The NBA is constantly tweaking the rules to make the game more entertaining, faster-paced, etc.

So has the NBA ever considered reducing the 24-second shot clock (say by even one second)?

  • 4
    24 seconds is already a pretty short amount of time to get the ball down the court, and also set up a play, and execute that play. In college they are given 35 seconds, which I would agree seems to be too long as there is too many times an offense isn't punished by good defense. Talks of reducing the shot clock in the NCAA have occurred.
    – Nick
    Apr 27, 2014 at 19:04
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    At some point, reducing the shot clock too far would actually make the game take longer due to more violations. 24 seconds was calculated to optimize for 60 shots per team. Apr 28, 2014 at 10:11
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    @SteveJackson "24 seconds was calculated to optimize for 60 shots per team." Any reference to this would be an interesting read. I, for one, was not aware of such.
    – user527
    Apr 28, 2014 at 12:30
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    @edmastermind29 looks like wikipedia mentions it: en.wikipedia.org/wiki/Shot_clock#Creation Apr 28, 2014 at 13:39
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    (1) It is unclear why 60 shots is optimal. 60 was just an arbitrary number thought of by some guy in the 1950's. (2) During the 2013-2014 regular season, each team averaged 6,806 FGA or 83 FGA per game. (3) So if 60 is somehow the magic number, then the shot clock should instead be made longer, given that current NBA teams are overshooting that number. (4) But clearly there is no reason to suppose that 60 is somehow the magic number.
    – user3564
    Apr 28, 2014 at 18:39

1 Answer 1


I don't know of any official talk about that specifically but I'm sure it has been suggested. I remember Jason Kidd mentioning back in the early 2000s that he thought it would be a good idea to take a couple seconds off of it. At the time it might not have been a horrible idea in that teams normally used most of each possession and the scores were often very low. That was the prevailing belief on how to maximise your chances. Nowadays they tend to think the opposite way, not that this is ironclad to work well either but that's the thinking. Being that they allow the zone and defenders can lurk on the perimeter off the ball so easily, and it takes longer to actually get into any kind dribble penetration, taking time off the clock is likely to be a terrible idea.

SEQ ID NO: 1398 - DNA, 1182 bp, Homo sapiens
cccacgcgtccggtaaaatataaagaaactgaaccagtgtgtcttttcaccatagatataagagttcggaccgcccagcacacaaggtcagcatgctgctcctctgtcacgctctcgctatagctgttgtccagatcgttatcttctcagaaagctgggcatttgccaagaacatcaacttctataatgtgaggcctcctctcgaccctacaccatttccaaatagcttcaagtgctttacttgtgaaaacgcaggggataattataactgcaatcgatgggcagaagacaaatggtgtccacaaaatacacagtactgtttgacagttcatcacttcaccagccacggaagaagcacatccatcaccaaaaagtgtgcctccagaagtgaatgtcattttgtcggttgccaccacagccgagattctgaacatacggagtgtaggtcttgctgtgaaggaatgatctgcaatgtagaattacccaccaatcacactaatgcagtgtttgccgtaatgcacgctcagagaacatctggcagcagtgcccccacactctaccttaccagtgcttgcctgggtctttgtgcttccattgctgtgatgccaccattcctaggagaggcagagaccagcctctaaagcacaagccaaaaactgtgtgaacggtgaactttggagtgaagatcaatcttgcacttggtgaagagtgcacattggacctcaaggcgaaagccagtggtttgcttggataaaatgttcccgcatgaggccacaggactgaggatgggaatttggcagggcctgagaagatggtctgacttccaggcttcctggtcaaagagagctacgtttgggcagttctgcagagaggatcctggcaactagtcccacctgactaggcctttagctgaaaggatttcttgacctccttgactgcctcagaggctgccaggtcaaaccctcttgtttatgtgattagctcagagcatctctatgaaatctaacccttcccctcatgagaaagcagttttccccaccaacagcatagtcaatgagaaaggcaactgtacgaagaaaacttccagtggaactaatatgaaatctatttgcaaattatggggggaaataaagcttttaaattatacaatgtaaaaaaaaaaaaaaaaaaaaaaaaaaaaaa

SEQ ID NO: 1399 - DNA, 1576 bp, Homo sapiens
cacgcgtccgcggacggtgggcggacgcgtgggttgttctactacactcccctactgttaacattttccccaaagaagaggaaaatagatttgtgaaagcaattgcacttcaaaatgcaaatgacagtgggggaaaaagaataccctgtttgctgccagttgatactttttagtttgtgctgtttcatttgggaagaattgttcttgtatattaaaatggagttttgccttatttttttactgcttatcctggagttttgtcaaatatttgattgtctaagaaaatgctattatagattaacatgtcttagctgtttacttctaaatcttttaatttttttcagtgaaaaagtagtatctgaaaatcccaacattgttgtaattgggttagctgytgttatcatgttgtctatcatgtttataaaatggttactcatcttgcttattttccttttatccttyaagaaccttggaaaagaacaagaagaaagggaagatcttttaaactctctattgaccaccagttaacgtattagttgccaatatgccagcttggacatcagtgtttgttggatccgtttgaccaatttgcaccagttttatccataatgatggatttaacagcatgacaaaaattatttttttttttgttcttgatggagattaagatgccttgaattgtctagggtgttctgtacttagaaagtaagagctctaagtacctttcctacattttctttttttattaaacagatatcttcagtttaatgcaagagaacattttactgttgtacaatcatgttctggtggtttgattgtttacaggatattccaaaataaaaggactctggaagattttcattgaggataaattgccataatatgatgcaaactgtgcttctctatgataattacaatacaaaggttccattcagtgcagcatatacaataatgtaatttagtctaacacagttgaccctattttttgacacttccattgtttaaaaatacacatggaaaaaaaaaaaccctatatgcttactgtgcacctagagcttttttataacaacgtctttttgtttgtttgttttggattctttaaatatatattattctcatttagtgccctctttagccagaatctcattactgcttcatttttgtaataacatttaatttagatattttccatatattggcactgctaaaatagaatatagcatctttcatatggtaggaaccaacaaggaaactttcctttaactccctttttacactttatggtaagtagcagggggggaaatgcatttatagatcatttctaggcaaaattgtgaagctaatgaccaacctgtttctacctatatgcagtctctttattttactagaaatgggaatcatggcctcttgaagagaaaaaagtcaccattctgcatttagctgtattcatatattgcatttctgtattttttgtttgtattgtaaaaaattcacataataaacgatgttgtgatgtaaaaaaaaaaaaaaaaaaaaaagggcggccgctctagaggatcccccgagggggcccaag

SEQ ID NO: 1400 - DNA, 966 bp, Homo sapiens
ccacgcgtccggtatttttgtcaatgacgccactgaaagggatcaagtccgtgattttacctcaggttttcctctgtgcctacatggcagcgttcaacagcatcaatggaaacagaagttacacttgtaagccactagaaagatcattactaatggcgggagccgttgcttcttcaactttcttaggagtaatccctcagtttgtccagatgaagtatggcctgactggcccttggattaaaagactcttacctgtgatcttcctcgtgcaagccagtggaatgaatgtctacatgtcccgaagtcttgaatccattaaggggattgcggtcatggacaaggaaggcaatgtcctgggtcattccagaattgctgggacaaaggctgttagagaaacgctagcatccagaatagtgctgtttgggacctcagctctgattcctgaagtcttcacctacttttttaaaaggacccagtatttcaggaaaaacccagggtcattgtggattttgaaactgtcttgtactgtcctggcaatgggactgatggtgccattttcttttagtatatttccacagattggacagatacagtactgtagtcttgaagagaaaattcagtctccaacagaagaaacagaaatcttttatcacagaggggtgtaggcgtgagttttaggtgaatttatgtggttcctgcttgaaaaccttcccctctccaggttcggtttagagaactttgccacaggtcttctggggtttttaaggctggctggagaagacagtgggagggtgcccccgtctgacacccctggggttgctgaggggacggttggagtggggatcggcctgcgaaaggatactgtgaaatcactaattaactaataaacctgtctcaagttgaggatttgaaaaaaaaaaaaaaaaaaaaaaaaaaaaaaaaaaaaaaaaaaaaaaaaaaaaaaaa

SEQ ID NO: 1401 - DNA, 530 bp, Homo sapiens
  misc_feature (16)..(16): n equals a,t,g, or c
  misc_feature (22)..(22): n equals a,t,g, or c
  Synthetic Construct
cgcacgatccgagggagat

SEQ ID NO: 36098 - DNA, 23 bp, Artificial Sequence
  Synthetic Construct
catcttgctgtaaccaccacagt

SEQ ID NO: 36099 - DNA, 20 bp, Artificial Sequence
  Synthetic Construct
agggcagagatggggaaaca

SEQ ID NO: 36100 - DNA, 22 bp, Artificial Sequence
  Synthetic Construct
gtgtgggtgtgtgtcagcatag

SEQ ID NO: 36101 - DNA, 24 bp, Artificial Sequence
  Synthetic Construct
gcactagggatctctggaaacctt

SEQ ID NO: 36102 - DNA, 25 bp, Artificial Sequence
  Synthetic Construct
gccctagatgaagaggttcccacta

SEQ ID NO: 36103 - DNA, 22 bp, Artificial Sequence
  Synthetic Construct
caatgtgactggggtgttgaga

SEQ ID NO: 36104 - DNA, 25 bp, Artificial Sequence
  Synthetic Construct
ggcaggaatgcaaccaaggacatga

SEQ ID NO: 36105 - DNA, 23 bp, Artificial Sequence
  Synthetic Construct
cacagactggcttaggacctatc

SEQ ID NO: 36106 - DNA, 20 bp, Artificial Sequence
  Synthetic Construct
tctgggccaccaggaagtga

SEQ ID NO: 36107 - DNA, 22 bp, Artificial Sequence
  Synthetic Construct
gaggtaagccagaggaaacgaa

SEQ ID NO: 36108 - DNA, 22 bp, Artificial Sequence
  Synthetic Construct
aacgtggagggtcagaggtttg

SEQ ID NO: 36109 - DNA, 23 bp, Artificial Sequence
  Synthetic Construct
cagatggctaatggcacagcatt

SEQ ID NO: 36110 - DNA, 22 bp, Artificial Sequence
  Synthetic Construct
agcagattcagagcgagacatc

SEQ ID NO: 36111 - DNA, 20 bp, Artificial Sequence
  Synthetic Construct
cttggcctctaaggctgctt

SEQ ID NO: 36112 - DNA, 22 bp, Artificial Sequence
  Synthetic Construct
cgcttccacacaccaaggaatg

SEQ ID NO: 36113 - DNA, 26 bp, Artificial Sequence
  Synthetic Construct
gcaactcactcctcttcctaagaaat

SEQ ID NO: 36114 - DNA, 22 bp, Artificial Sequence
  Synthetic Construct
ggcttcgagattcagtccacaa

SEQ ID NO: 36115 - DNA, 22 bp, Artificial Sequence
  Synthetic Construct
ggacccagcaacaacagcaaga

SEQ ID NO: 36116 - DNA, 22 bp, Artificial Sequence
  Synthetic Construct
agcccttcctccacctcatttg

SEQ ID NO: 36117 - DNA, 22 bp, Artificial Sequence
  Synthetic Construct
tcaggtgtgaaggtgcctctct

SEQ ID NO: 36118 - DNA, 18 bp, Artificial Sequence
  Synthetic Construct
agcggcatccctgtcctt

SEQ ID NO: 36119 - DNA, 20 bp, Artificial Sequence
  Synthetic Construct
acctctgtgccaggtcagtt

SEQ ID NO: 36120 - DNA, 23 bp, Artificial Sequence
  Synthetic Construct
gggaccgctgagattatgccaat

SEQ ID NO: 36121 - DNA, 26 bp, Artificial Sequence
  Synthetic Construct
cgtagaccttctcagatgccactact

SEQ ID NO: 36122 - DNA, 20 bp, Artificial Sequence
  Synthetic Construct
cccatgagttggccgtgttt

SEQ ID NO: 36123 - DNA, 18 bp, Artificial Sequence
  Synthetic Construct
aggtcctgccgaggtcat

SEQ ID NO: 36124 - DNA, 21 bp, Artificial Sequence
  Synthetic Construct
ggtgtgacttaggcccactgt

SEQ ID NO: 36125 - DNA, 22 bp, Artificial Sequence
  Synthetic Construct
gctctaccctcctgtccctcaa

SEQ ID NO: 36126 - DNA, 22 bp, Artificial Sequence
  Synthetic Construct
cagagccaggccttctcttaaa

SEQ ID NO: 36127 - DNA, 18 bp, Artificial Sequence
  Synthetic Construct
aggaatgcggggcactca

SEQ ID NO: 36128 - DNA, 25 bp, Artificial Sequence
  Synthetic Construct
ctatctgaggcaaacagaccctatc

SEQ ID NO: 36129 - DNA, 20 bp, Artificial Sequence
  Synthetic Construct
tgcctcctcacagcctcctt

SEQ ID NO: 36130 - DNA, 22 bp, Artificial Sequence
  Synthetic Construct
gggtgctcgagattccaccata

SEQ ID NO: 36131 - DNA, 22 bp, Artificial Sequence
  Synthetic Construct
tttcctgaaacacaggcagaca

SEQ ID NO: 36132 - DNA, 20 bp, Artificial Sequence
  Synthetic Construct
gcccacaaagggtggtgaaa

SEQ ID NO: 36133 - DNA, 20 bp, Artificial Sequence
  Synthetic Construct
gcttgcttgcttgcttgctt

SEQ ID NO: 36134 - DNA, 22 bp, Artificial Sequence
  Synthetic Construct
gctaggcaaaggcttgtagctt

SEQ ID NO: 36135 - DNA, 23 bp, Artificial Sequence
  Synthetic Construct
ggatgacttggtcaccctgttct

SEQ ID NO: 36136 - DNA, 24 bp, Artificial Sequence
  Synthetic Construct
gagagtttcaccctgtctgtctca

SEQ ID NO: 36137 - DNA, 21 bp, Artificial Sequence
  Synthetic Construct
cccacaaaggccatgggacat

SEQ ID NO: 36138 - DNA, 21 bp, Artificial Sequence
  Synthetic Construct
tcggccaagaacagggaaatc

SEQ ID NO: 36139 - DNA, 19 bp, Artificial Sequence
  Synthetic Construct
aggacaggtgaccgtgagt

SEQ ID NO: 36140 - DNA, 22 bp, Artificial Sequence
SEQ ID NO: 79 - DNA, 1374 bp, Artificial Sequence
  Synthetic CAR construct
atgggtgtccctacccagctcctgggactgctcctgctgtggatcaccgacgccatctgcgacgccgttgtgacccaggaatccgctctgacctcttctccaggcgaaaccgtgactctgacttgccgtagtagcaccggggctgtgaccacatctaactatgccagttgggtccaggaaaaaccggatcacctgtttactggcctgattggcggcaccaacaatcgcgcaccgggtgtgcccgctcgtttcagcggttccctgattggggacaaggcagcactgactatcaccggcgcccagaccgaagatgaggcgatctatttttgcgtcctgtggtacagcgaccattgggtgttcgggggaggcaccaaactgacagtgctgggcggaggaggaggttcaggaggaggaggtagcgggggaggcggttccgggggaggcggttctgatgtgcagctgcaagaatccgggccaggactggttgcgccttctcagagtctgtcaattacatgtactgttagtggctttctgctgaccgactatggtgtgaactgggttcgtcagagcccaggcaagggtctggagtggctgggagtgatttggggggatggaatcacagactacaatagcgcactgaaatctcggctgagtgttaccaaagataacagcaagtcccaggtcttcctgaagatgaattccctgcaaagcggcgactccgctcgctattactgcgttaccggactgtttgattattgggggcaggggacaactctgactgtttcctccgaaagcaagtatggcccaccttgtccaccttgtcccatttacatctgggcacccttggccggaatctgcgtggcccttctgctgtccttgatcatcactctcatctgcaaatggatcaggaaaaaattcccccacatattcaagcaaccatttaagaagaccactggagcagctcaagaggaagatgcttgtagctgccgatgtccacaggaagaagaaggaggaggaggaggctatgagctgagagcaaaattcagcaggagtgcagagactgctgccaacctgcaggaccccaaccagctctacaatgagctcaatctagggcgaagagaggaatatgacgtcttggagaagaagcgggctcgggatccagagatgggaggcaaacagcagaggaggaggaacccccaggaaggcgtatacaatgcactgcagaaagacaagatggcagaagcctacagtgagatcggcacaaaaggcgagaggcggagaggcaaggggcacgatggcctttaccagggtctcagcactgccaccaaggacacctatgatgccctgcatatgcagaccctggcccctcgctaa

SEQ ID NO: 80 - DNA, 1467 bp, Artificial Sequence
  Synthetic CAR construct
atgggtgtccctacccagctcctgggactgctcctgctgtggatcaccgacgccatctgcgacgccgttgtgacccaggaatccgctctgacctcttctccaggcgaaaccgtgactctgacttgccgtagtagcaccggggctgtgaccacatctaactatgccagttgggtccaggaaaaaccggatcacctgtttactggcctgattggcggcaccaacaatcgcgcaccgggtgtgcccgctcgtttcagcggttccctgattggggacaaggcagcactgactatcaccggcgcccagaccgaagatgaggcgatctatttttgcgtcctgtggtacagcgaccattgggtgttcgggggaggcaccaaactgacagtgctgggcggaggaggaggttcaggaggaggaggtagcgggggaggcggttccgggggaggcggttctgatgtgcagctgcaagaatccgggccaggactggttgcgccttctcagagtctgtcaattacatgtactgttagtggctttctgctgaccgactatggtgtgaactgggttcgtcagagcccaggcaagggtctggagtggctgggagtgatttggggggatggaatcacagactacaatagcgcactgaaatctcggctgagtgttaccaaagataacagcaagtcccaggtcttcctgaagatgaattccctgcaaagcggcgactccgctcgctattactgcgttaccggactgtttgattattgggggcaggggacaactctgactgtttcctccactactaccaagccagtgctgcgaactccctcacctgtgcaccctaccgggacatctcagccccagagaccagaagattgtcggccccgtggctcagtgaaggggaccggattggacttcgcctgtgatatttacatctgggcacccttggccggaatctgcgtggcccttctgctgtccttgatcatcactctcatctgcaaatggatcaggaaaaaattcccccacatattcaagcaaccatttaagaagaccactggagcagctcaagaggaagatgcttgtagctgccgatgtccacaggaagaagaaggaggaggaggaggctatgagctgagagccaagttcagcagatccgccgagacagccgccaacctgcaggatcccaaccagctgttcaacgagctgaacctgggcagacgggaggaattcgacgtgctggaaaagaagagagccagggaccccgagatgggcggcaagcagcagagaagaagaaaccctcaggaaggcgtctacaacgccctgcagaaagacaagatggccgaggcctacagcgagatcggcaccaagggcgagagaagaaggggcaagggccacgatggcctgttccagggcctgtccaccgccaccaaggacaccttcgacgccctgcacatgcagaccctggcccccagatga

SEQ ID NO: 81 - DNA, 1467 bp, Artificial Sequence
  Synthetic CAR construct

• 2
    There is a single point towards answering this question, but a single coach does not "the NBA" make, and the remainder is commentary on the subject, not relevant to the question.
    – Nij
    Jul 10, 2019 at 3:34
  • Coach? He was a player then and one of the top 7 or 8 guys in the league, a guy that people talked about as getting robbed in the 02' MVP vote😂 Jul 10, 2019 at 5:10
  • 1
    Still just one guy, not the NBA.
    – Nij
    Jul 10, 2019 at 5:14
  • I guess the rest of what i put there isnt especially helpful toward the original question. It just came to mind. I can say though that in all the years i have followed the NBA, and this dates back to the 80s in total and to the early 90s where i was old enough to really become knowledgeable and keep up with nearly everything pertaining, the only time i have heard the shortening of the shot clock idea was what i mention with Jason Kidd that time. Jul 10, 2019 at 5:16
  • This was almost assuredly an SI or Slam article, and it i believe had to be to do with a question on the rules changes the league did make in the 01' offseason, that of the allowing of the zone and im pretty sure the change of the 10 seconds to halfcourt rule to 8 seconds. He liked those well enough but also liked the idea of a shorter shot clock. I dont think i have ever heard it mentioned by other players or coaches, much less the league itself. Which is fairly strange in itself, being that they have suggested alot of stuff over the years. Jul 10, 2019 at 5:24

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